On Nov. 7 at 9:00 am, Kimberlin was placed in detention again. Prison officials said Kimberlin was being punished for violating a rule against "third-party phone calls." Prison officials claim Kimberlin made the call in question on Nov. 4 to a friend who patched him through to Susan Estrich, the manager of the Dukakis campaign. Kimberlin said that he made the call, but did not know that it was against the prison rules. He was in detention for seven days, including election eve, when he had scheduled numerous press interviews, and election day, Nov. 8.
Kimberlin sued Quinlan, Miller, and the United States. His suit claimed that Quinlan and Miller conspired to violate and subsequently violated his Constitutional rights under the First and Fifth Amendments by denying him access to press and due process of law. Further, he charged Quinlan and the United States with assault and battery.
A dstrict court dismissed all but the First Amendment claims (774 F.Supp. 1 (D.D.C. 1991). Quinlan and Miller then sought dismissal of the First Amendment claims, arguing that they were immune from liability because they were acting in compliance with their duties. The U.S. Court of Appeals for the District of Columbia Circuit did dismiss that charge, finding that the facts of the case show that Quinlan and Miller were acting on objectively reasonable beliefs that Kimberlin's life was in danger and that Kimberlin had violated the third-party call rule.
Circuit Judge Harry T. Edwards dissented in the case on a number of points. He objected to the application of the "heightened pleading" standard, which requires a defendant to meet a higher standard of proof in municipal civil rights liability cases. Although Kimberlin's case was based on circumstantial evidence (the timing of the detentions coincided with the scheduled press conference and election-eve), Edwards wrote that Kimberlin's evidence was "ample." Edwards wrote that he is suspicious of the fact that Quinlan and Miller, two high-level Department of Justice officials, were highly involved in the case and had close contact with the Bush-Quayle campaign. Edwards took issue with numerous inconsistencies in the statements and memos by Quinlan and Miller about their roles in and intentions for Kimberlin's detention (No. 91-5315, 6 F.3d 789 (D.C. Cir. 1993)).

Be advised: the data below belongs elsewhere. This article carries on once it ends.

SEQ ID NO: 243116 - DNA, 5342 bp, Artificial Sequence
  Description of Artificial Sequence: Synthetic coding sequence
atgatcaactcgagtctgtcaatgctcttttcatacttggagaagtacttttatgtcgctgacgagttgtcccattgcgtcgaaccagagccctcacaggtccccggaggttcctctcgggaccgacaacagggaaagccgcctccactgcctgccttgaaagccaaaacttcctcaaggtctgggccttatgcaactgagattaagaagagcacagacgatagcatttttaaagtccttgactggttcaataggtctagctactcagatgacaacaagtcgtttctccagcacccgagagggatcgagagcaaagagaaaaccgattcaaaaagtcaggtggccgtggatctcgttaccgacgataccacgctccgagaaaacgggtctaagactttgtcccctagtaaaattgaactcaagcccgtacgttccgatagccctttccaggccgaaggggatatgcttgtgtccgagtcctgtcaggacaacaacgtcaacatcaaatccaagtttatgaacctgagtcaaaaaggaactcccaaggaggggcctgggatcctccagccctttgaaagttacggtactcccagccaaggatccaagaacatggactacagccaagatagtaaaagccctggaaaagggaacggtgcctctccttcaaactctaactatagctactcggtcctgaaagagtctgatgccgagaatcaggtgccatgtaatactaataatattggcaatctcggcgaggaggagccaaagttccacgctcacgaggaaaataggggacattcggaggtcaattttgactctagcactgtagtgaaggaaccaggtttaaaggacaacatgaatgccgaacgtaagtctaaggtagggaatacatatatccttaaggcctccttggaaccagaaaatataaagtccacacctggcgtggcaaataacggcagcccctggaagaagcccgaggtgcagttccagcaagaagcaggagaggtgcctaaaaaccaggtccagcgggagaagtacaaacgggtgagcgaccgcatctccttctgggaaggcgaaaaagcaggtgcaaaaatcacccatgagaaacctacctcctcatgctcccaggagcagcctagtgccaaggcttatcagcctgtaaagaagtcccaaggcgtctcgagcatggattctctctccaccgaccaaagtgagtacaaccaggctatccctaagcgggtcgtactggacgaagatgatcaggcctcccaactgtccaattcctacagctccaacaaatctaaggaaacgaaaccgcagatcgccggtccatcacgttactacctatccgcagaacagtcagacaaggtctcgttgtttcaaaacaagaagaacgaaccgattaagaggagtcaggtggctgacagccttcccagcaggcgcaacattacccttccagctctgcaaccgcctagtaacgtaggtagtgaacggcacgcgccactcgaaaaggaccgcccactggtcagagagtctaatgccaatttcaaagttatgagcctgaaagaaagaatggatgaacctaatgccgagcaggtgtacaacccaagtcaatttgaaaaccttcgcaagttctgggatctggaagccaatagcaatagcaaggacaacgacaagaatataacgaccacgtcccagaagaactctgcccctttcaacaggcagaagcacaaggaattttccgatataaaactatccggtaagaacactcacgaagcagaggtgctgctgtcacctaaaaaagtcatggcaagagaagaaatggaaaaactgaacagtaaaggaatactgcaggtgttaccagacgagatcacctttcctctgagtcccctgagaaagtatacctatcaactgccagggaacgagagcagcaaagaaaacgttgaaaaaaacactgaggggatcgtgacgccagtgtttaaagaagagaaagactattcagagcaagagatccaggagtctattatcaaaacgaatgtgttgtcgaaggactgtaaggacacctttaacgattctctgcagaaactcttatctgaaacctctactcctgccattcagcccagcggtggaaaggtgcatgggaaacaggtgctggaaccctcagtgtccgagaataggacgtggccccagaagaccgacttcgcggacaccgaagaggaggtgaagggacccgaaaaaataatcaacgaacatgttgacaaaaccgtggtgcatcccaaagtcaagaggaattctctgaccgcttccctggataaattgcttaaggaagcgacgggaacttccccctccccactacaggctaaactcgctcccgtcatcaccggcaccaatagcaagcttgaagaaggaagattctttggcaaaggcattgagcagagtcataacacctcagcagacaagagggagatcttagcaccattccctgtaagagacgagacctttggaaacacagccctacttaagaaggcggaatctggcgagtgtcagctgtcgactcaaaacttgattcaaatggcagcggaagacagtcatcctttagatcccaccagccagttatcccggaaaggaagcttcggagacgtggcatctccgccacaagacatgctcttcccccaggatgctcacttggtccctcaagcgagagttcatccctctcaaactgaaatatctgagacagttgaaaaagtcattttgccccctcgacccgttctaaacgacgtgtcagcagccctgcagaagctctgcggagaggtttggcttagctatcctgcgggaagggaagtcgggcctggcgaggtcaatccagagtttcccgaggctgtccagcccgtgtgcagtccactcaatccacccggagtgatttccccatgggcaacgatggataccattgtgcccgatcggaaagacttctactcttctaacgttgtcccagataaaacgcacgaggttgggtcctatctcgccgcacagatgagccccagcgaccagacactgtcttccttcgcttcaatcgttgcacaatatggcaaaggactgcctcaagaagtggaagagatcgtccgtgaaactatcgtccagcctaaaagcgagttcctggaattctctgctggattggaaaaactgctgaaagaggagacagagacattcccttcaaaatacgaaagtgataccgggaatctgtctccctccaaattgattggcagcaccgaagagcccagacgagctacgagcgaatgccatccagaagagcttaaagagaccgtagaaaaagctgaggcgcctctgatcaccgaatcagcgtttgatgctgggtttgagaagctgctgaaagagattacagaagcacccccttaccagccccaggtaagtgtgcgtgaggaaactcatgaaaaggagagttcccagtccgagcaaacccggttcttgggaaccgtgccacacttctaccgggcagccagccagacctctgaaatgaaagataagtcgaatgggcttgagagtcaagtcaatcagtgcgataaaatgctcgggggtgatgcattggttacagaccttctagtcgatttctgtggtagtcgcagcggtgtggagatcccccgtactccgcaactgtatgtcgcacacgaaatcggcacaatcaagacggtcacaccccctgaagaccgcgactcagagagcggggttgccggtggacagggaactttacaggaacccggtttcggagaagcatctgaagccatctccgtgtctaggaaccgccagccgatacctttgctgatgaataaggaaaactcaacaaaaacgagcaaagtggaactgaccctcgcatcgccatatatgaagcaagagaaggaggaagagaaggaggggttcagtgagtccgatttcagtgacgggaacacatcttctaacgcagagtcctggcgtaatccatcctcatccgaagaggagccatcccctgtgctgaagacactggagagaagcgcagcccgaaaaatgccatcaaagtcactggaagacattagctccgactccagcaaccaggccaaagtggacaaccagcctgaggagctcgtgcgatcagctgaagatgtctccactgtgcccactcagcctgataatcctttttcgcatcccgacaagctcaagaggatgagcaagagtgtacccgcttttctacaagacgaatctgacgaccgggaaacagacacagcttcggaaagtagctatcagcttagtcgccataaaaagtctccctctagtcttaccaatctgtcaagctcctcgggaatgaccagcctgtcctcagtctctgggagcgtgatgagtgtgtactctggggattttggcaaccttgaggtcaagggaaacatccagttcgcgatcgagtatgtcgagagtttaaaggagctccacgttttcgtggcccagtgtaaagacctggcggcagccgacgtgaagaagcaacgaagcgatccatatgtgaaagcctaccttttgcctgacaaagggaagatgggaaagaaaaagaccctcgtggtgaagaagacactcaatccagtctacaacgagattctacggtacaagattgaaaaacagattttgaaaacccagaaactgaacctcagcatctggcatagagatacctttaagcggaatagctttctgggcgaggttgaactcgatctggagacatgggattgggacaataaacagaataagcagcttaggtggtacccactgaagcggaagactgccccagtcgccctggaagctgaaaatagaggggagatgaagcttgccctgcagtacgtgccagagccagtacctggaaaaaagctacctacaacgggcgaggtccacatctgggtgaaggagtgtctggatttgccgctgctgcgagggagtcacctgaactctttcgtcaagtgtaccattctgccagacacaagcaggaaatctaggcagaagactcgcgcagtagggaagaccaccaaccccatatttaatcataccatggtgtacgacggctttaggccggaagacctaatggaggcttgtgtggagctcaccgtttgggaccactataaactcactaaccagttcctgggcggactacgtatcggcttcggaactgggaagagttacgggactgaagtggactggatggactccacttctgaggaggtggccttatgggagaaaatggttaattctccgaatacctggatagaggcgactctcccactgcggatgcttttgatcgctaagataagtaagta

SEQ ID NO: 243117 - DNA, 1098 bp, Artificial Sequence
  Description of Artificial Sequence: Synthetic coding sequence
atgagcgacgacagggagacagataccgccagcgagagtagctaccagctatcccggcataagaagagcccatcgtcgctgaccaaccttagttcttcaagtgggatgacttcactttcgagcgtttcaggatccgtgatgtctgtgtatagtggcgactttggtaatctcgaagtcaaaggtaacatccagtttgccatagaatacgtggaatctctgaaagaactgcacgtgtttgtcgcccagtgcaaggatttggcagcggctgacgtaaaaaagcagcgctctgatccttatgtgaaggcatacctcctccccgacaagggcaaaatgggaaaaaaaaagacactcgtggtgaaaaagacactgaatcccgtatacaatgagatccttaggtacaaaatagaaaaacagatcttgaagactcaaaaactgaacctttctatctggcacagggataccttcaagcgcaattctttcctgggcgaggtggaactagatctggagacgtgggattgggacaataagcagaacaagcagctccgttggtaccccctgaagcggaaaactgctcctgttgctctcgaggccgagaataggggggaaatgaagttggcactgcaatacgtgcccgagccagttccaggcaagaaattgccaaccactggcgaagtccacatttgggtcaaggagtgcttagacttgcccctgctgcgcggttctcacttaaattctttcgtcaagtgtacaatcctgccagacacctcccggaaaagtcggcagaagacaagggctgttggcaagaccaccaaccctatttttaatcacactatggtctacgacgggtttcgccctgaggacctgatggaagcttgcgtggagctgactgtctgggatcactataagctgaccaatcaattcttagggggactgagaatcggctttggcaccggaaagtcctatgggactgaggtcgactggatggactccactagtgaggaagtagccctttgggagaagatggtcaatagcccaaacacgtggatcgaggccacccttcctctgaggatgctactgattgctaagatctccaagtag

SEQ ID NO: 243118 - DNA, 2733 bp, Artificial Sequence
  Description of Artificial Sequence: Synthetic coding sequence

Kimberlin appealed the decision to dismiss the First Amendment claims. The Supreme Court is expected to hear the case in April and decide in the case in July.
At the time of the incidents in question, Kimberlin was serving time for placing and detonating a series of explosive devices in Sept. 1978 in Speedway, Indiana. In the most serious incident, Kimberlin left a gym bag in the parking lot of the Speedway High School. Carl Delong picked up the bag and the explosives detonated, tearing off his lower right leg and two fingers. Delong's wife also suffered serious injury from bomb fragments. Kimberlin is also serving time for other offenses, including impersonating a federal officer, illegal use of the Department of Defense insignia, illegal use of the Presidential seal, receipt of explosives, and conspiracy to distribute marijuana.